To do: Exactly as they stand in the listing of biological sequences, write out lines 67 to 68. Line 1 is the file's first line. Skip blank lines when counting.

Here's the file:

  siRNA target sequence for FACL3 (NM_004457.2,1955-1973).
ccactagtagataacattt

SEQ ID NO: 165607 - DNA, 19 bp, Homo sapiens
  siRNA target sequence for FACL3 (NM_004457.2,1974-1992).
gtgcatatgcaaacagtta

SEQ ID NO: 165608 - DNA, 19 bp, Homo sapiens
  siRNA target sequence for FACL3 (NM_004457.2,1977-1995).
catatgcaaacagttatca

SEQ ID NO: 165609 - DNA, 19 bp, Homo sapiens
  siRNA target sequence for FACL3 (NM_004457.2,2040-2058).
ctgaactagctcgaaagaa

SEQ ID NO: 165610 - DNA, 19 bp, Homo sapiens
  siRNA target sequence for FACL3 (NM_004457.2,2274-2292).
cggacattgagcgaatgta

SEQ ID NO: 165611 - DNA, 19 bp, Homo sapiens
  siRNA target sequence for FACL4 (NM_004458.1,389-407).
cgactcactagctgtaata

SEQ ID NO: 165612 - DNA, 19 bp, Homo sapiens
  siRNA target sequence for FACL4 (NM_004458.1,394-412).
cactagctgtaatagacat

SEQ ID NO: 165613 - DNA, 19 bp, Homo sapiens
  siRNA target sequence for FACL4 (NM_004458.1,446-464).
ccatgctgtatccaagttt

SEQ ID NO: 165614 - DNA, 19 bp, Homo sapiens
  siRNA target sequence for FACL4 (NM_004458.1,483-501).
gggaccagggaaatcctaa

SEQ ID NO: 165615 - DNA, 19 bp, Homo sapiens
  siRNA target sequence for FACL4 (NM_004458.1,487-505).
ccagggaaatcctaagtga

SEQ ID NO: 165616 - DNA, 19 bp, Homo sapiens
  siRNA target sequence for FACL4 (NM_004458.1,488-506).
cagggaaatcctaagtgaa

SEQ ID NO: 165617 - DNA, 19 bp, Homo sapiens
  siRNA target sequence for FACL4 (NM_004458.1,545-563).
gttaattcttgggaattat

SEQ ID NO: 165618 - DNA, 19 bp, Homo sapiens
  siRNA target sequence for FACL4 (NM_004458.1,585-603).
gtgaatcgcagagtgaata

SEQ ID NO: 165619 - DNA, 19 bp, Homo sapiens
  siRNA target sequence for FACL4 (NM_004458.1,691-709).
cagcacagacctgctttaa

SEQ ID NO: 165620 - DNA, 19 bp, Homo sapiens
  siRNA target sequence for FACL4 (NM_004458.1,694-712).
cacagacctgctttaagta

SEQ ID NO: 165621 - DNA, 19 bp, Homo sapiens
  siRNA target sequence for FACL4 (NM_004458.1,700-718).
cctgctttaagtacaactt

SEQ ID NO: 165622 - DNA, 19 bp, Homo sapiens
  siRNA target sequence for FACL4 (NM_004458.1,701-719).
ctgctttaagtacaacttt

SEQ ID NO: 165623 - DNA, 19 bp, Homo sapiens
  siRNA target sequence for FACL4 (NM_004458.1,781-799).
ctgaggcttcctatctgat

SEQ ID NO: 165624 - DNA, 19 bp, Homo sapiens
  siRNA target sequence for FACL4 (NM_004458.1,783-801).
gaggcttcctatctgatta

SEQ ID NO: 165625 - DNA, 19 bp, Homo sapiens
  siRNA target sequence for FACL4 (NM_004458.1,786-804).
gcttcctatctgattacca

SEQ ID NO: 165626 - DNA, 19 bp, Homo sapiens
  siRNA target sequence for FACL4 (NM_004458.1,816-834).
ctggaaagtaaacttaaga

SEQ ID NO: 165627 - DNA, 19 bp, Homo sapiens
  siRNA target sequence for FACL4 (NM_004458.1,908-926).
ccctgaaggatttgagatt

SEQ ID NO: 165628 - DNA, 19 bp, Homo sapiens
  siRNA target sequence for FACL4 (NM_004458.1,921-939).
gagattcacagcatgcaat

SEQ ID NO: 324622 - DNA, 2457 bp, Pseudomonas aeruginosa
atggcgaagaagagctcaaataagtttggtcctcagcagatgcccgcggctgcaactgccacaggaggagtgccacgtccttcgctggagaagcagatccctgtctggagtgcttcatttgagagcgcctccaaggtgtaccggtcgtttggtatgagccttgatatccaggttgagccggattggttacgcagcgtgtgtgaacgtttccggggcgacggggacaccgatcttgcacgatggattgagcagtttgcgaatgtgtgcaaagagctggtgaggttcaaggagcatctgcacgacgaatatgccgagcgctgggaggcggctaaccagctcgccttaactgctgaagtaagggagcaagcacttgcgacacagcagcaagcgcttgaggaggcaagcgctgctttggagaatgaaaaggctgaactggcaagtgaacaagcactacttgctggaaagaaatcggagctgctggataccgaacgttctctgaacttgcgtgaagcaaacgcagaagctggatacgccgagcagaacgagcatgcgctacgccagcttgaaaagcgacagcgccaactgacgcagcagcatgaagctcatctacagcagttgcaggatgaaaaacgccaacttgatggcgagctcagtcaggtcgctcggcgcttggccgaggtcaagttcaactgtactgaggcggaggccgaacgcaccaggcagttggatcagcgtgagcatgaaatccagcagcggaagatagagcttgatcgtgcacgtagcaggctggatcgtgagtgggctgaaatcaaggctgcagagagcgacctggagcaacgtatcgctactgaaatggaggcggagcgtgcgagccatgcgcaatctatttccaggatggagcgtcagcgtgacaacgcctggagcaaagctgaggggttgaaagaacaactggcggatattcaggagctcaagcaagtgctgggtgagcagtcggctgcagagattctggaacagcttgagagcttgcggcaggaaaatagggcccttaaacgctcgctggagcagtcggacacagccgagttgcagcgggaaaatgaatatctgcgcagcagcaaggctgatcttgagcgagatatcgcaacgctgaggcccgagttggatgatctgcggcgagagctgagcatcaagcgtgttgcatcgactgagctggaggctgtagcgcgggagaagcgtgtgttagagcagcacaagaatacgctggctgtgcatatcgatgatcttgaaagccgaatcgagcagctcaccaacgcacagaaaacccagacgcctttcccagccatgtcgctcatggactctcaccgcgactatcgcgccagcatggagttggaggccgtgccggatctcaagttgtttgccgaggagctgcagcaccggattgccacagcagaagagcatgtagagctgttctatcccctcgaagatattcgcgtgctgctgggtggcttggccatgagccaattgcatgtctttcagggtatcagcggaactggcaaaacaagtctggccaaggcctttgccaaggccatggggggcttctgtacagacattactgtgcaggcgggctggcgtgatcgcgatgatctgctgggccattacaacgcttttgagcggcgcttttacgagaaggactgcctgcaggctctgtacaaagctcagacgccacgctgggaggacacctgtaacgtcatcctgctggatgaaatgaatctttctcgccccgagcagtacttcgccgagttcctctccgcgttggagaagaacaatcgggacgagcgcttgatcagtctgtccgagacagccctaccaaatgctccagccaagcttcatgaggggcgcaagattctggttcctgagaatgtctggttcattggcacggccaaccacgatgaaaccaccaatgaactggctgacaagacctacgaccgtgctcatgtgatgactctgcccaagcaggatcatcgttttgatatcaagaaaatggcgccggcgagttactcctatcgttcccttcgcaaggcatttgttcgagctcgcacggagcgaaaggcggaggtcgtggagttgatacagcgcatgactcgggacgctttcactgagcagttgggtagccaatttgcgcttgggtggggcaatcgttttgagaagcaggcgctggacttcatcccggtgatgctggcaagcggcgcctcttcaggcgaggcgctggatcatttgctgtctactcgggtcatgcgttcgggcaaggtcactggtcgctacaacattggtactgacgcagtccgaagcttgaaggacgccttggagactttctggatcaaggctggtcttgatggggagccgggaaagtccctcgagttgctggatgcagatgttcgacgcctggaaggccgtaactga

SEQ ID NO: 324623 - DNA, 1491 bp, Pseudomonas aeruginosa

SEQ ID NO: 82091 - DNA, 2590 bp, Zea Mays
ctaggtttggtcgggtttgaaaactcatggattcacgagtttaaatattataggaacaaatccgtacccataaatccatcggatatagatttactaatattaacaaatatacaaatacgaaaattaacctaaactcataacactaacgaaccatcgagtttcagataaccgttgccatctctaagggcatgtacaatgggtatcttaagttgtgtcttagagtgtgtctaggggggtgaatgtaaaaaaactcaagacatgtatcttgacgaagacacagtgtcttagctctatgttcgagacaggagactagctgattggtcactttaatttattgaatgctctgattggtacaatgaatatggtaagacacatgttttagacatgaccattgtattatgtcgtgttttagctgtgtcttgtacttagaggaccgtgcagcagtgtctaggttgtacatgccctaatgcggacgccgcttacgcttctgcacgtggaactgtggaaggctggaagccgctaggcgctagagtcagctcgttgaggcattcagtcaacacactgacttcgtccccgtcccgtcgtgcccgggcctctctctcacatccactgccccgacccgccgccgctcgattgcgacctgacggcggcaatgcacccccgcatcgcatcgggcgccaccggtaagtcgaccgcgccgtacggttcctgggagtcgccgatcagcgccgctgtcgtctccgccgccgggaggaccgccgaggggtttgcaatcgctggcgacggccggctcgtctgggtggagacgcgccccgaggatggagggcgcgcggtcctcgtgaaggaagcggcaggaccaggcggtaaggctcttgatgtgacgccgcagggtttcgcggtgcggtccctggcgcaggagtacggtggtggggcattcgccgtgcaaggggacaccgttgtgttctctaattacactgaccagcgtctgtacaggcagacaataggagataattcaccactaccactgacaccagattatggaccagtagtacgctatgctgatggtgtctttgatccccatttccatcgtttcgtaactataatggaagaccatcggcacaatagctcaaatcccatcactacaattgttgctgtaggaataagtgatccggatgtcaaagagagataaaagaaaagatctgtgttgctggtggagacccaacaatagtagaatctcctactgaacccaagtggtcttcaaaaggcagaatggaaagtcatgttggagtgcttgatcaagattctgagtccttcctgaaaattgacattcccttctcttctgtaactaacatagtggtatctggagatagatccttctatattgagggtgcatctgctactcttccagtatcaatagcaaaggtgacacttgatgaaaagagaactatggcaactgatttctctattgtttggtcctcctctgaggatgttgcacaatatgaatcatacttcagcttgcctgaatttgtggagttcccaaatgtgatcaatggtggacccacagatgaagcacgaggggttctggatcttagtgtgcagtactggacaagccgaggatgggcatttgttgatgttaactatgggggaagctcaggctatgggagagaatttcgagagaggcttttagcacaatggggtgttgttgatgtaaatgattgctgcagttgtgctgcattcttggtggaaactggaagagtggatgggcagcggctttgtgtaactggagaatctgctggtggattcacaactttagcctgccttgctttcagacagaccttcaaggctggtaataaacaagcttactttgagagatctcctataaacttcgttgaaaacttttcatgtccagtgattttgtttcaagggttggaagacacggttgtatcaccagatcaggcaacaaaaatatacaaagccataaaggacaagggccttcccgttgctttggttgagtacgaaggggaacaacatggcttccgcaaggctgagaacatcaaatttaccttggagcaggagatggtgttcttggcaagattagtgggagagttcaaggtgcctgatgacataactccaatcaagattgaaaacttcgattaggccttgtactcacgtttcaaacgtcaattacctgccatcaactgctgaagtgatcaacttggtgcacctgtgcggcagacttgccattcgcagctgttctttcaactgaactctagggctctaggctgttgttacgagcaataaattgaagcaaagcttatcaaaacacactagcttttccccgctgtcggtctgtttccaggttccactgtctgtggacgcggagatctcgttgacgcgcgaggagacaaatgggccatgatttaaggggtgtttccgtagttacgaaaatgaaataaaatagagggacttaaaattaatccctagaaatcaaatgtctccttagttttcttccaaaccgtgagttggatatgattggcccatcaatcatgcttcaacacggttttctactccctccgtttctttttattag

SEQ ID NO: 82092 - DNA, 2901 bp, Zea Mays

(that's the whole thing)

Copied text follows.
  siRNA target sequence for FACL4 (NM_004458.1,921-939).
gagattcacagcatgcaat